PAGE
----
fbpx Unique wing structure of Camptopterohelea odora | University of Gdańsk | Uniwersytet Gdański

Unique wing structure of Camptopterohelea odora | University of Gdańsk | Uniwersytet Gdański

Unique wing structure of Camptopterohelea odora

The latest issue of Scientific Reports (an online open access science journal published by the Nature Publishing Group) contains an article by an international team of researchers, entitled "A fossil biting midge (Diptera: Ceratopogonidae) from early Eocene Indian amber with a complex pheromone evaporator", authored by Frauke Stebner, Ryszard Szadziewski, Peter T. Rühr, Hukam Singh, Jörg U. Hammel, Gunnar Mikalsen Kvifte and Jes Rust.

The research team comprises experts from Germany (Steinmann-Institut; Zoologisches Forschungsmuseum Alexander Koenig; Helmholtz-Zentrum Geesthacht; Universität Kassel), Poland (University of Gdańsk), India (Birbal Sahni Institute of Palaeosciences) and Norway (University Museum of Bergen).

One of the article’s co-authors is Prof. Dr hab. Ryszard Szadziewski, head of the Laboratory of Evolutionary Entomology and Museum of Amber Inclusions at the UG’s Department of Invertebrate Zoology and Parasitology.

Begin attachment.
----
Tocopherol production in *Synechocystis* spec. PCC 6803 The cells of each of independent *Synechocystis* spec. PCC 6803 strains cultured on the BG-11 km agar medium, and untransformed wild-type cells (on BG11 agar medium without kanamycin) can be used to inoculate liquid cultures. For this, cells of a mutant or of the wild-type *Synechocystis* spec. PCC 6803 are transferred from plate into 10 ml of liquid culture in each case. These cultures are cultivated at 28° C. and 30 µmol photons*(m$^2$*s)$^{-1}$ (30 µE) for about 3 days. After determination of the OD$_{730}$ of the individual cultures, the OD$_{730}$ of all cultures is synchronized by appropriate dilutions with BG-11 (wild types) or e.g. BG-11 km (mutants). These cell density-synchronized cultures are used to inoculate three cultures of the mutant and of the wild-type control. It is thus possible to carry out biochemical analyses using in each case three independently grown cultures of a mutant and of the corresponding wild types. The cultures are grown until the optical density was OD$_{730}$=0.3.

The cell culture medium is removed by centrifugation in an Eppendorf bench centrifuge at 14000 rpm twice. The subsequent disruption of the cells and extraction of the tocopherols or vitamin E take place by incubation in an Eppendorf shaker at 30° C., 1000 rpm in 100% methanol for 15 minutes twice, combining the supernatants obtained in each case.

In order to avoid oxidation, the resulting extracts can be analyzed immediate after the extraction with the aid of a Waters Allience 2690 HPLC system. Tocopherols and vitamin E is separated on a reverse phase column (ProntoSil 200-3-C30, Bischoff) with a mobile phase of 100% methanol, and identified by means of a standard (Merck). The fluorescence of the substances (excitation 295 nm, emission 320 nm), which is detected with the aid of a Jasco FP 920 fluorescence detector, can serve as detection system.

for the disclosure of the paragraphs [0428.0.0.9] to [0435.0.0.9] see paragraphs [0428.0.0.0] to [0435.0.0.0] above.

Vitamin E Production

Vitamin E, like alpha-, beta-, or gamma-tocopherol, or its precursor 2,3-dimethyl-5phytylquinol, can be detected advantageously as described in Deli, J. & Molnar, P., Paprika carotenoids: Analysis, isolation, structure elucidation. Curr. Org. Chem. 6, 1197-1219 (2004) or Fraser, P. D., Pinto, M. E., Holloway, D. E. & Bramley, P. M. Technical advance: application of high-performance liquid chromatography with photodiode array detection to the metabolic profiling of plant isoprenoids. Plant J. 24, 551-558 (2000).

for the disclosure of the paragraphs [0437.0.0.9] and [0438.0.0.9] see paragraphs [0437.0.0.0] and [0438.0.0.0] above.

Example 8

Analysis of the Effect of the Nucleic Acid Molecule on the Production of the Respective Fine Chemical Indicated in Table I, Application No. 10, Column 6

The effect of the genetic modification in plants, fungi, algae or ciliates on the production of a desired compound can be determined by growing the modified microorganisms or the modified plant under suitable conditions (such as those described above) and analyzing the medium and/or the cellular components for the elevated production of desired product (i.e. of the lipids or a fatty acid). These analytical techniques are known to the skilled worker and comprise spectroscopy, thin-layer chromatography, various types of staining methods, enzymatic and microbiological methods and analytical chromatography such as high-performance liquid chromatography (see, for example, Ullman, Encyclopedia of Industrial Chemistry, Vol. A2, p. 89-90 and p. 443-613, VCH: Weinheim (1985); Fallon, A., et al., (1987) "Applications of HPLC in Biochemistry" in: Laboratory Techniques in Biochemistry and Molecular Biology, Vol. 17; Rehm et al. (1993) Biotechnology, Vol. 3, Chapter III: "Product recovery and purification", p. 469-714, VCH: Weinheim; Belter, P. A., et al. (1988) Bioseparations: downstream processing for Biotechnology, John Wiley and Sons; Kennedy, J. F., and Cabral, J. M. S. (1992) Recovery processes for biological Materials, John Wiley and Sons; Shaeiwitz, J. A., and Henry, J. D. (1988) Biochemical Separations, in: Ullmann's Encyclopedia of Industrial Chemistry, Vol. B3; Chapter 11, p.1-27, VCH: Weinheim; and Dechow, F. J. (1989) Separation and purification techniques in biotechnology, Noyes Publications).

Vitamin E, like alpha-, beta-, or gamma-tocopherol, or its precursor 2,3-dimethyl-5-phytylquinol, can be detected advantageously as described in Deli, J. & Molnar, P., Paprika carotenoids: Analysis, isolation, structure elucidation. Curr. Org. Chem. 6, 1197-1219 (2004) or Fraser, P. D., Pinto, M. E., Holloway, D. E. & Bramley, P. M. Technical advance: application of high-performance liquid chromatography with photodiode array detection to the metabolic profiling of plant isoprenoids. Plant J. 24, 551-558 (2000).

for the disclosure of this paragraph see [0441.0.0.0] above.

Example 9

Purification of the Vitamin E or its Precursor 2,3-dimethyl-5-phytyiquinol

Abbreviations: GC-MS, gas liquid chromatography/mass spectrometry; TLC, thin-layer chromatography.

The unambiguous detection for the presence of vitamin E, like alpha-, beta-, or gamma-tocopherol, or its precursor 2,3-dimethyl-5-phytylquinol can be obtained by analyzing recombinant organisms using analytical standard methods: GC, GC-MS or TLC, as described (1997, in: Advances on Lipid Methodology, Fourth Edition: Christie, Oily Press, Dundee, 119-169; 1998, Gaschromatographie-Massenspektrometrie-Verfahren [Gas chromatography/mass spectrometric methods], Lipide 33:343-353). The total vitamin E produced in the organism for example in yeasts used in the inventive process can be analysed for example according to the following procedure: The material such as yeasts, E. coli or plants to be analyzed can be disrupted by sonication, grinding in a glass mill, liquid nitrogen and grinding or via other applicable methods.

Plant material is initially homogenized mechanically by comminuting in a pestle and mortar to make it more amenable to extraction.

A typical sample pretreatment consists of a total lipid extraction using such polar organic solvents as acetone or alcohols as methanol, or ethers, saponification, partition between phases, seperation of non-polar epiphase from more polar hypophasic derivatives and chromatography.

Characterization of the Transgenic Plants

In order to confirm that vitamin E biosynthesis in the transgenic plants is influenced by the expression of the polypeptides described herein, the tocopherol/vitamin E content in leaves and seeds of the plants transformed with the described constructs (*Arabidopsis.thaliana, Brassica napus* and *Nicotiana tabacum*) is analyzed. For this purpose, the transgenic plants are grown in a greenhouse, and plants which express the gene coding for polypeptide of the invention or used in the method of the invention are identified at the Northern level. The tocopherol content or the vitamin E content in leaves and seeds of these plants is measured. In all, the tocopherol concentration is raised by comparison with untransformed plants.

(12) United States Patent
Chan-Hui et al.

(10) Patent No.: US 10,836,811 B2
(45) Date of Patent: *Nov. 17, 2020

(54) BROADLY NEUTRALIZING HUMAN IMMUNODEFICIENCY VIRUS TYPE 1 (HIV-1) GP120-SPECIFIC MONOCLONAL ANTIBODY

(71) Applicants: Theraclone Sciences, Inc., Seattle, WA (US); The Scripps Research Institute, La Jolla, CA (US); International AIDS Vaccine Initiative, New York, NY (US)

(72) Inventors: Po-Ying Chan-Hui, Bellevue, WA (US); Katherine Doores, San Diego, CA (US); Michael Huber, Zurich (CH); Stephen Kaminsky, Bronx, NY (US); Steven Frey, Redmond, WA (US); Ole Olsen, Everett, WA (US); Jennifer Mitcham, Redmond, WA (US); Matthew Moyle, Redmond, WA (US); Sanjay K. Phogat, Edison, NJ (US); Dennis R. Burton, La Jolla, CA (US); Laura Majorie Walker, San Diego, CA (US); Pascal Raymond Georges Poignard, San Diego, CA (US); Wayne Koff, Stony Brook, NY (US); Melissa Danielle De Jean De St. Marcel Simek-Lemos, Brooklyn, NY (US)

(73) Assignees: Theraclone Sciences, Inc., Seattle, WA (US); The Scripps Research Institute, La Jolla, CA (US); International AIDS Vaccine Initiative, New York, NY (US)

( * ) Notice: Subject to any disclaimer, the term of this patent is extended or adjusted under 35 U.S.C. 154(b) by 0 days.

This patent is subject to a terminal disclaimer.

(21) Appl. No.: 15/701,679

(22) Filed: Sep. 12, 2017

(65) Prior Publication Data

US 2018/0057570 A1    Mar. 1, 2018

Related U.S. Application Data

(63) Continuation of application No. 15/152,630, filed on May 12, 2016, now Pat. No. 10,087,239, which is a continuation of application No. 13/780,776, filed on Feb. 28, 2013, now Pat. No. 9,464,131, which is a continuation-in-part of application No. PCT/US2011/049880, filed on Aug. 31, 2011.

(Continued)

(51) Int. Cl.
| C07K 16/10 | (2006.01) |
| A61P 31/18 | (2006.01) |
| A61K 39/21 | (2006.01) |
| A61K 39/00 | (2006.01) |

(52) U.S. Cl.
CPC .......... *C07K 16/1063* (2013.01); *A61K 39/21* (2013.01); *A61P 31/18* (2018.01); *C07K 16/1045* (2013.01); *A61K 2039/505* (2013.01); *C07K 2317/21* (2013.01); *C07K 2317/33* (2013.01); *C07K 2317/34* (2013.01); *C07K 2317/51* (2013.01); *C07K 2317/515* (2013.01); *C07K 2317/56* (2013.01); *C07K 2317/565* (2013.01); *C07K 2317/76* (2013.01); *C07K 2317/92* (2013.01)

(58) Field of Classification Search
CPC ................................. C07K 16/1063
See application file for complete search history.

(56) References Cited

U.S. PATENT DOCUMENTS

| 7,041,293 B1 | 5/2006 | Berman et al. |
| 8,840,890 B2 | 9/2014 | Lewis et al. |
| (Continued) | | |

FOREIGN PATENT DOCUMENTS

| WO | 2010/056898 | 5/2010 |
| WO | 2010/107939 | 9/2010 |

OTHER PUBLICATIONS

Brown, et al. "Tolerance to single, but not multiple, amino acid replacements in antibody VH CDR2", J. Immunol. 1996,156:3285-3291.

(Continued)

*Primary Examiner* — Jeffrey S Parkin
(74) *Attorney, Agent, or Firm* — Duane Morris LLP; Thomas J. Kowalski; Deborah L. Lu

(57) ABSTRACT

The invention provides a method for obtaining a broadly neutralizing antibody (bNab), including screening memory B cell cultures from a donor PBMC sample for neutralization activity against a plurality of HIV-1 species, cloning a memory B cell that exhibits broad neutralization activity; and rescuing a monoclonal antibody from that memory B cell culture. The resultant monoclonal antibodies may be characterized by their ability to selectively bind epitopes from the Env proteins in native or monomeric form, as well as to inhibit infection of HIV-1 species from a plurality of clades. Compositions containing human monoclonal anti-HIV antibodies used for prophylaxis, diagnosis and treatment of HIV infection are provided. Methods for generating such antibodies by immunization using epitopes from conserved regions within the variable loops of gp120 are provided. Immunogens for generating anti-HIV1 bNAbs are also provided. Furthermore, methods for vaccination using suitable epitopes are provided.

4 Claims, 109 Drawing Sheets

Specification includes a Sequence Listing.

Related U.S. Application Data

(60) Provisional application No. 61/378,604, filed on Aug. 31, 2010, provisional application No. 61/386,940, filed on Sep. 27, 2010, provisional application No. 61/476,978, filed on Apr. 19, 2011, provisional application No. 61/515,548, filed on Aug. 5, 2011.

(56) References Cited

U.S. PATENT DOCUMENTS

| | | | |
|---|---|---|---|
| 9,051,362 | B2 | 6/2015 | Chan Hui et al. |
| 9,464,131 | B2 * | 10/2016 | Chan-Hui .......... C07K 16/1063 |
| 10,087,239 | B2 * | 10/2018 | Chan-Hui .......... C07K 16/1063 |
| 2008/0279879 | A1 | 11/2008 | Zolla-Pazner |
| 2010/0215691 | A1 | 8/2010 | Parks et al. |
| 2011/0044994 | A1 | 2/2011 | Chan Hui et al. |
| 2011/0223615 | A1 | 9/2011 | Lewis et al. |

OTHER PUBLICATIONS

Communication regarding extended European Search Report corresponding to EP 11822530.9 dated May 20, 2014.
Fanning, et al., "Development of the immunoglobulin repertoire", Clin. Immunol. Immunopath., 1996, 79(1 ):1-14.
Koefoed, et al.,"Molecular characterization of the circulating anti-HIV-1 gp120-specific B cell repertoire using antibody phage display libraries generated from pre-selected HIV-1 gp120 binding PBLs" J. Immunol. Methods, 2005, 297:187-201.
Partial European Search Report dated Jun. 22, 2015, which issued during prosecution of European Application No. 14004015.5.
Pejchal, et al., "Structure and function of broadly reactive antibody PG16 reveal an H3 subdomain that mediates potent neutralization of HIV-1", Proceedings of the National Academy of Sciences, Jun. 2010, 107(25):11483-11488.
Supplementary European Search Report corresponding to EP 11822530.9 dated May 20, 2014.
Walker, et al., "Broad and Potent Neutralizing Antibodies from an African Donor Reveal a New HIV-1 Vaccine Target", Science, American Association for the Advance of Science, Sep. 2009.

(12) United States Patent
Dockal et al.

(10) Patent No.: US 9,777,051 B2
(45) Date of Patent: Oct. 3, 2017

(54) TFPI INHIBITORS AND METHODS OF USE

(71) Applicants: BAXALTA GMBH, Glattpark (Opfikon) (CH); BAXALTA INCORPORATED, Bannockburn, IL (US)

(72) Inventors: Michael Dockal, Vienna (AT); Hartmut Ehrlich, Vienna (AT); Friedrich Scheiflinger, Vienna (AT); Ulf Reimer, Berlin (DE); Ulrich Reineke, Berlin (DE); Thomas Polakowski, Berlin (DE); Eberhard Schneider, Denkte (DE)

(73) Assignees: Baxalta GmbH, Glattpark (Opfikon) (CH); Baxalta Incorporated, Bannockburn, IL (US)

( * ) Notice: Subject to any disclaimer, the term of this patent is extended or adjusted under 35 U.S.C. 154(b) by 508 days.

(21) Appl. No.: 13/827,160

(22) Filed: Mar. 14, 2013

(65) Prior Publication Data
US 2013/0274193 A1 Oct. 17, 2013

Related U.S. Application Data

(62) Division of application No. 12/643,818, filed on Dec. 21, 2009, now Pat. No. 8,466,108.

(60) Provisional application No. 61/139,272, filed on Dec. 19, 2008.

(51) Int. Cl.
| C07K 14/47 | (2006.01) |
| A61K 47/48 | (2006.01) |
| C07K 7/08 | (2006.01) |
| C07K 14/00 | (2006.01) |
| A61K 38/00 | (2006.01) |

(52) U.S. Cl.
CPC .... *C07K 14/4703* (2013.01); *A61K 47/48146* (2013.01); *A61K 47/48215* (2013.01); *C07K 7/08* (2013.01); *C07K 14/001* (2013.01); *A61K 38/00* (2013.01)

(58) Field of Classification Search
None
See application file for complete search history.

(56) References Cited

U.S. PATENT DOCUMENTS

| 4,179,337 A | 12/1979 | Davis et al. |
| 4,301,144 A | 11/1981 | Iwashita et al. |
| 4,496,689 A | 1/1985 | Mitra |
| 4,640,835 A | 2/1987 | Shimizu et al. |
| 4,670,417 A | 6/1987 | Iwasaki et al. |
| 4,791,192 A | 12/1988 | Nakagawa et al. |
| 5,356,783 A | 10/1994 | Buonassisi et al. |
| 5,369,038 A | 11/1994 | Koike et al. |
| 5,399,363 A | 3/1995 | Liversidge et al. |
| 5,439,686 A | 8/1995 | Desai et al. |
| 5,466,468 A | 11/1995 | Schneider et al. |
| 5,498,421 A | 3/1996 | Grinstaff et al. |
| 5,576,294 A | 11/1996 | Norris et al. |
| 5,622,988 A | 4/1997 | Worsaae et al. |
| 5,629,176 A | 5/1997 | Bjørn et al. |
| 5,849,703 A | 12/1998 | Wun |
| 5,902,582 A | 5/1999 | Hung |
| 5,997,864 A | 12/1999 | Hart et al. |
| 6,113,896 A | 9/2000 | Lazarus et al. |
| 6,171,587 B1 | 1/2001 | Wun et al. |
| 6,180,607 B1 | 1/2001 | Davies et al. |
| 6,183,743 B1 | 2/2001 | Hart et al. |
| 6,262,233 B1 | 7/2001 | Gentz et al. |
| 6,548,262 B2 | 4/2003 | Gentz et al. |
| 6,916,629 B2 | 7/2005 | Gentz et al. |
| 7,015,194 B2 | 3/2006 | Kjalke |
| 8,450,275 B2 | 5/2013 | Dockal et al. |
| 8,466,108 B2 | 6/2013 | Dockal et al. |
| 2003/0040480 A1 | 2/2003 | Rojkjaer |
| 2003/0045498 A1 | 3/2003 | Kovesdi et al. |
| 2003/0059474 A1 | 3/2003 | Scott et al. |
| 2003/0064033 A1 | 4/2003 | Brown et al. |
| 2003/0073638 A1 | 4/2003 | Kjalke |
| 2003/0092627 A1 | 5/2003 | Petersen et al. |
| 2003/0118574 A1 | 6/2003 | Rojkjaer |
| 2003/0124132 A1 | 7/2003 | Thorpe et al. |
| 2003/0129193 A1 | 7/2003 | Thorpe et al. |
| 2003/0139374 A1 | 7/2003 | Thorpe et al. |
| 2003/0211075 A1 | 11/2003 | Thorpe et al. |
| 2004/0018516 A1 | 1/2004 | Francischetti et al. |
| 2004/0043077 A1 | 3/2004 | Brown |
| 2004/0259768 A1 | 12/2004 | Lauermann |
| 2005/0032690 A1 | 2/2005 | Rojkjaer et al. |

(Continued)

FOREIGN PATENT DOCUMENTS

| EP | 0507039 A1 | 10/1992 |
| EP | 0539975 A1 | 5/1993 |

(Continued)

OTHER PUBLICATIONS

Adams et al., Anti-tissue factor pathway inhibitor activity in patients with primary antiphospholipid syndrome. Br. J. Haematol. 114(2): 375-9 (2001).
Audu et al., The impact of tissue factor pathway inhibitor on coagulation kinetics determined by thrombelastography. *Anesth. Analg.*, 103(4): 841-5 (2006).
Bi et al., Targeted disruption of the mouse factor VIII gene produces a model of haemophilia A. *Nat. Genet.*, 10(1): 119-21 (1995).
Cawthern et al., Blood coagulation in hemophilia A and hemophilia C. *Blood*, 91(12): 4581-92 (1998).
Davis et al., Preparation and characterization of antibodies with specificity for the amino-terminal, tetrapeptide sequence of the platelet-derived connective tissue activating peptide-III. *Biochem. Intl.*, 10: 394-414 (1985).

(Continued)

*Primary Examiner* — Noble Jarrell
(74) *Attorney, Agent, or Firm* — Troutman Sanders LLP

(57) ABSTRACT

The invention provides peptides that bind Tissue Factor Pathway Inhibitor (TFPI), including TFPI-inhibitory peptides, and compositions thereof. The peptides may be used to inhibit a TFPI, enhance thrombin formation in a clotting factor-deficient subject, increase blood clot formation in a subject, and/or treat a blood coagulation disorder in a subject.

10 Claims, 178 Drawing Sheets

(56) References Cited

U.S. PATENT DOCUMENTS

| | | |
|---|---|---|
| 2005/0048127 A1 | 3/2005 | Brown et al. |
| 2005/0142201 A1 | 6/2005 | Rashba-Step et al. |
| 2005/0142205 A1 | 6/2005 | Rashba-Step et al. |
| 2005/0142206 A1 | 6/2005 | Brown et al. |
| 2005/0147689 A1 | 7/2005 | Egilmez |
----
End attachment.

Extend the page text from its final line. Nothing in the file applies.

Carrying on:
The publication contains a description of the unique wing structure in a hitherto unknown fossil species of an insect from the Ceratopogonidae family (biting midges), dating back 53 million years. 

The miniature inclusion of the female of the Camptopterohelea odora, with a body length of 0.9 mm, has been preserved in Indian amber.  It contains an incredible wing structure in the form of a large pocket for storing and diffusing sex-attractant pheromones.

The 3D reconstruction of the miniature insect’s wing structure was conducted with the help of synchrotron radiation micro-computed tomography (video), a method employed for the first time in research into this kind of structure in fossil material.

This is the first fossil species for the small, modern family of biting midges (5 species), which lives in southeast Asia. The wing structure of females in the modern species is not so extensively developed.

This find explains that the unusually wide wings in females of some biting midges (Camptopterohelea, Eohelea, Cacaohelea), with an accompanying reduction of hairs on the antennae in males, is a form of adaptation used for communication in both sexes with the use of sex-attractant pheromones. For this reason, the males do not need the hairs on the antennae, which are used by other midges for receiving sound signals.


  • Article in PDF format
  • Impressive video material ─ highly recommended! 


the Camptopterohelea odora
Last modified by: Tadeusz Zaleski
Created by: Tadeusz Zaleski
Last modified: 
2016, December 6 - 10:03am